It is perhaps premature to issue our congratulations to Derek Jeter given that the game is still ongoing, and he may yet expand upon his current 5-for-5 to go 6-for-6 or 28-for-28. Not only has he finally achieved the hit total in which so much significance has been invested, but he did it in such style that one could at least momentarily forget what a slog the last year and a half has been. Here is Elvis's '68 comeback special, and what an exhilarating thing it is to see.
The actual hit total is meaningless. It's a measure of longevity more than it is quality--some of the greatest hitters of all time don't have 3,000 hits. That Babe Ruth and Mickey Mantle didn't get there is no comment on the potency of their bats. Yet, there is also something special about a player who is both very good and very there, by which I mean "present." Jeter has a lot in common with Lou Gehrig that way. But for a fluke play in Toronto and the recent encroachment of age, he has been there for 15 years, knocking out his 200 hits a year.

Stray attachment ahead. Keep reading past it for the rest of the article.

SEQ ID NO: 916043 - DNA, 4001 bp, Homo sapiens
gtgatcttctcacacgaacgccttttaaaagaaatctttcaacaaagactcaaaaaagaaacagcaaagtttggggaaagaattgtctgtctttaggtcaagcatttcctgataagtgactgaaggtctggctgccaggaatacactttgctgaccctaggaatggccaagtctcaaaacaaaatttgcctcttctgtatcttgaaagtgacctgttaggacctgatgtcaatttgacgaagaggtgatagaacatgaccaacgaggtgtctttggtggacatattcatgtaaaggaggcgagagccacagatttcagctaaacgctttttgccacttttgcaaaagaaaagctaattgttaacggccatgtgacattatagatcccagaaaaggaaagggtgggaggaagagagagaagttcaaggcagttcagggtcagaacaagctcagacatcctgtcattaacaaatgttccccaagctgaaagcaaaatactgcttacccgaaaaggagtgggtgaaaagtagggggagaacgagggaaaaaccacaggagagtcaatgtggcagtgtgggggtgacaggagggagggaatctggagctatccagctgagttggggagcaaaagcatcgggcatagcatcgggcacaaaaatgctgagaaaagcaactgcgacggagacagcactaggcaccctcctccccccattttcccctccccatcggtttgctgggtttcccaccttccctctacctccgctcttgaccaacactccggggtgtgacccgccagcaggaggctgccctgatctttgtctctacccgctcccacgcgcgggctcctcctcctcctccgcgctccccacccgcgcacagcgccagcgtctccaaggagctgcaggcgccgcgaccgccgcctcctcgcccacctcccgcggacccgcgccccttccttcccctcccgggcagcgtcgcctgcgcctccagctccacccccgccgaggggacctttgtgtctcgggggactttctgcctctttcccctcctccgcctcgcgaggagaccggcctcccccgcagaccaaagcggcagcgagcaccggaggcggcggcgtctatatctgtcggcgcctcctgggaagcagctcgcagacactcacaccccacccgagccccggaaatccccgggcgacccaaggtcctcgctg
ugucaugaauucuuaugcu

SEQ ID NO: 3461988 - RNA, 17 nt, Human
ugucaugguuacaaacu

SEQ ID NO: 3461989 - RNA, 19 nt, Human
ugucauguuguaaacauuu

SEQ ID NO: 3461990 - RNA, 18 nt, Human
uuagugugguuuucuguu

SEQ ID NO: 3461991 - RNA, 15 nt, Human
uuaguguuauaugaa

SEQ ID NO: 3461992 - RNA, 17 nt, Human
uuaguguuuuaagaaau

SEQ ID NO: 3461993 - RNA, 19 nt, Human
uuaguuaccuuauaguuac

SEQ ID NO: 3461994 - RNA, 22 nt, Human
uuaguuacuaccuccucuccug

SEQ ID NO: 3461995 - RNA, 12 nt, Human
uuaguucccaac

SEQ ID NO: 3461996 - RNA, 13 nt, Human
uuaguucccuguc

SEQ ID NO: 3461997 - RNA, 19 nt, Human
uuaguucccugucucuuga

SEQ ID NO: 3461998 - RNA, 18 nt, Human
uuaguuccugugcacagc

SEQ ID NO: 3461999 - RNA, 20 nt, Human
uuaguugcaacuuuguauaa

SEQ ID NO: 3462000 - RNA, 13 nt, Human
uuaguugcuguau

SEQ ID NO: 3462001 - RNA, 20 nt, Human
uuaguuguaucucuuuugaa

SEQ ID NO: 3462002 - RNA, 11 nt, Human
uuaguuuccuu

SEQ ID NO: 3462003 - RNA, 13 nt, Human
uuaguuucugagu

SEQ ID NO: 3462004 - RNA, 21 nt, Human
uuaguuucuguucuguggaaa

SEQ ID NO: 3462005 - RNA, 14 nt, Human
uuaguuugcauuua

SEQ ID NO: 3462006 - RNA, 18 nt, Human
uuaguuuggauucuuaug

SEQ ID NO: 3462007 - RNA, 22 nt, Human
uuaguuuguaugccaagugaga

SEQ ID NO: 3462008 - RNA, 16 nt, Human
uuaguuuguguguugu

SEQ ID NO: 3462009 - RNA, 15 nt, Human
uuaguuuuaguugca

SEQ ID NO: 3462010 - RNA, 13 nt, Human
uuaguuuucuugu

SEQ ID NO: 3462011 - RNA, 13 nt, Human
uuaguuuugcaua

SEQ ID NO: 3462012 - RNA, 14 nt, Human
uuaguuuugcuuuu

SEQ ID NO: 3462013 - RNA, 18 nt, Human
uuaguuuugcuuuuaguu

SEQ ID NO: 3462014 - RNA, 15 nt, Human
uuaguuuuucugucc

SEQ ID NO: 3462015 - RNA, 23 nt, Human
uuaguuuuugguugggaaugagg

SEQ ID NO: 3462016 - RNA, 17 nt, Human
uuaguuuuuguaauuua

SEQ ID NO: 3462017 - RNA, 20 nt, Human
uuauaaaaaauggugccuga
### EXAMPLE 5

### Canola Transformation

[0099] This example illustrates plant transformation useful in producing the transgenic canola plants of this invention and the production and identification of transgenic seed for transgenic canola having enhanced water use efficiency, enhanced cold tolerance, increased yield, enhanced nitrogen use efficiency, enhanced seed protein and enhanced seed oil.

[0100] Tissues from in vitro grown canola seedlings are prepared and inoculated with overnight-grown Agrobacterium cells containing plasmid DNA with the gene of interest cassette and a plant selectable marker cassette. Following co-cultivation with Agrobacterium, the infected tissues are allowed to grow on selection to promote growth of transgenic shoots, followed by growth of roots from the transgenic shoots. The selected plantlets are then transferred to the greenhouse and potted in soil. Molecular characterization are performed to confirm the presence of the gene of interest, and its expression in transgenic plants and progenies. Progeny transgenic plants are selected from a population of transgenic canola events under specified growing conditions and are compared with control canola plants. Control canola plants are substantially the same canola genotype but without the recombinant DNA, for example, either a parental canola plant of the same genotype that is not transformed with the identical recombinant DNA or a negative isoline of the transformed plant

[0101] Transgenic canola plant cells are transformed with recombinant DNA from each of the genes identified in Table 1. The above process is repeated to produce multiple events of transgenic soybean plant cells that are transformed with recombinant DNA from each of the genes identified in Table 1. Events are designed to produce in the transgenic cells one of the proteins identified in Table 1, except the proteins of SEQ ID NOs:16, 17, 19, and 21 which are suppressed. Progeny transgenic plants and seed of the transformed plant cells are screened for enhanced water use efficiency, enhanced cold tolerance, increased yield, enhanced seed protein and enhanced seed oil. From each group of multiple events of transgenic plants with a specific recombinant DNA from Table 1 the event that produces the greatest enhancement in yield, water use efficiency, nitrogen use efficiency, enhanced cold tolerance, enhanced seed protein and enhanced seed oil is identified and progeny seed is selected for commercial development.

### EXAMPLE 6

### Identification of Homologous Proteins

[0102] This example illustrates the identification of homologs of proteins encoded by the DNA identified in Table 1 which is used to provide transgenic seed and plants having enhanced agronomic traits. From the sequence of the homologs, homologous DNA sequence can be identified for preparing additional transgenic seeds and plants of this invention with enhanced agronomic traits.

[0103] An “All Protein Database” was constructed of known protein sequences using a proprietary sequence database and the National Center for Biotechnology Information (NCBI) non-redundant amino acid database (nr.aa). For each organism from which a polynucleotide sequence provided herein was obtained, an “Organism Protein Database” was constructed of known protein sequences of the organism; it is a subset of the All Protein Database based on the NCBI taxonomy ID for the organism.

In the time that I've been writing the Pinstriped Bible, the Cult of Jeter has been so prevalent, greater than any kind of approbation that met Don Mattingly, the Yankees hero of my youth, that the obligation was to push back against a fanaticism that seemed to claim that the man had no flaws. Those zombies did far more damage to their hero over the years than any critic. A more measured and realistic appreciation would have provoked less of a backlash. Instead of hearing about the wonderful things that Jeter did on the field, we heard as much about his frequently stiff defense. I have sometimes leaned too far in that direction, but then, Jeter-worship is a test for any iconoclast, or even just a writer and baseball fan who recognizes that fallible humans are more appropriately rooted for than gods--a human being proves something every time he steps on the field of competition and succeeds. A god is perfection personified and by definition cannot surprise us or be applauded for succeeding in accordance with his gifts. If any player can do no wrong, then you can't properly appreciate what he does right.
Jeter is emphatically not a god. He's just a baseball player, a very good one with some flaws, one who seems more committed than most. He would have gone down in history even had he not reached 3,000 hits (again: in tremendous style). That he got there is just the final touch on a career that will conclude in a rendezvous at Cooperstown. Hats off to the greatest shortstop in the history of the New York Yankees.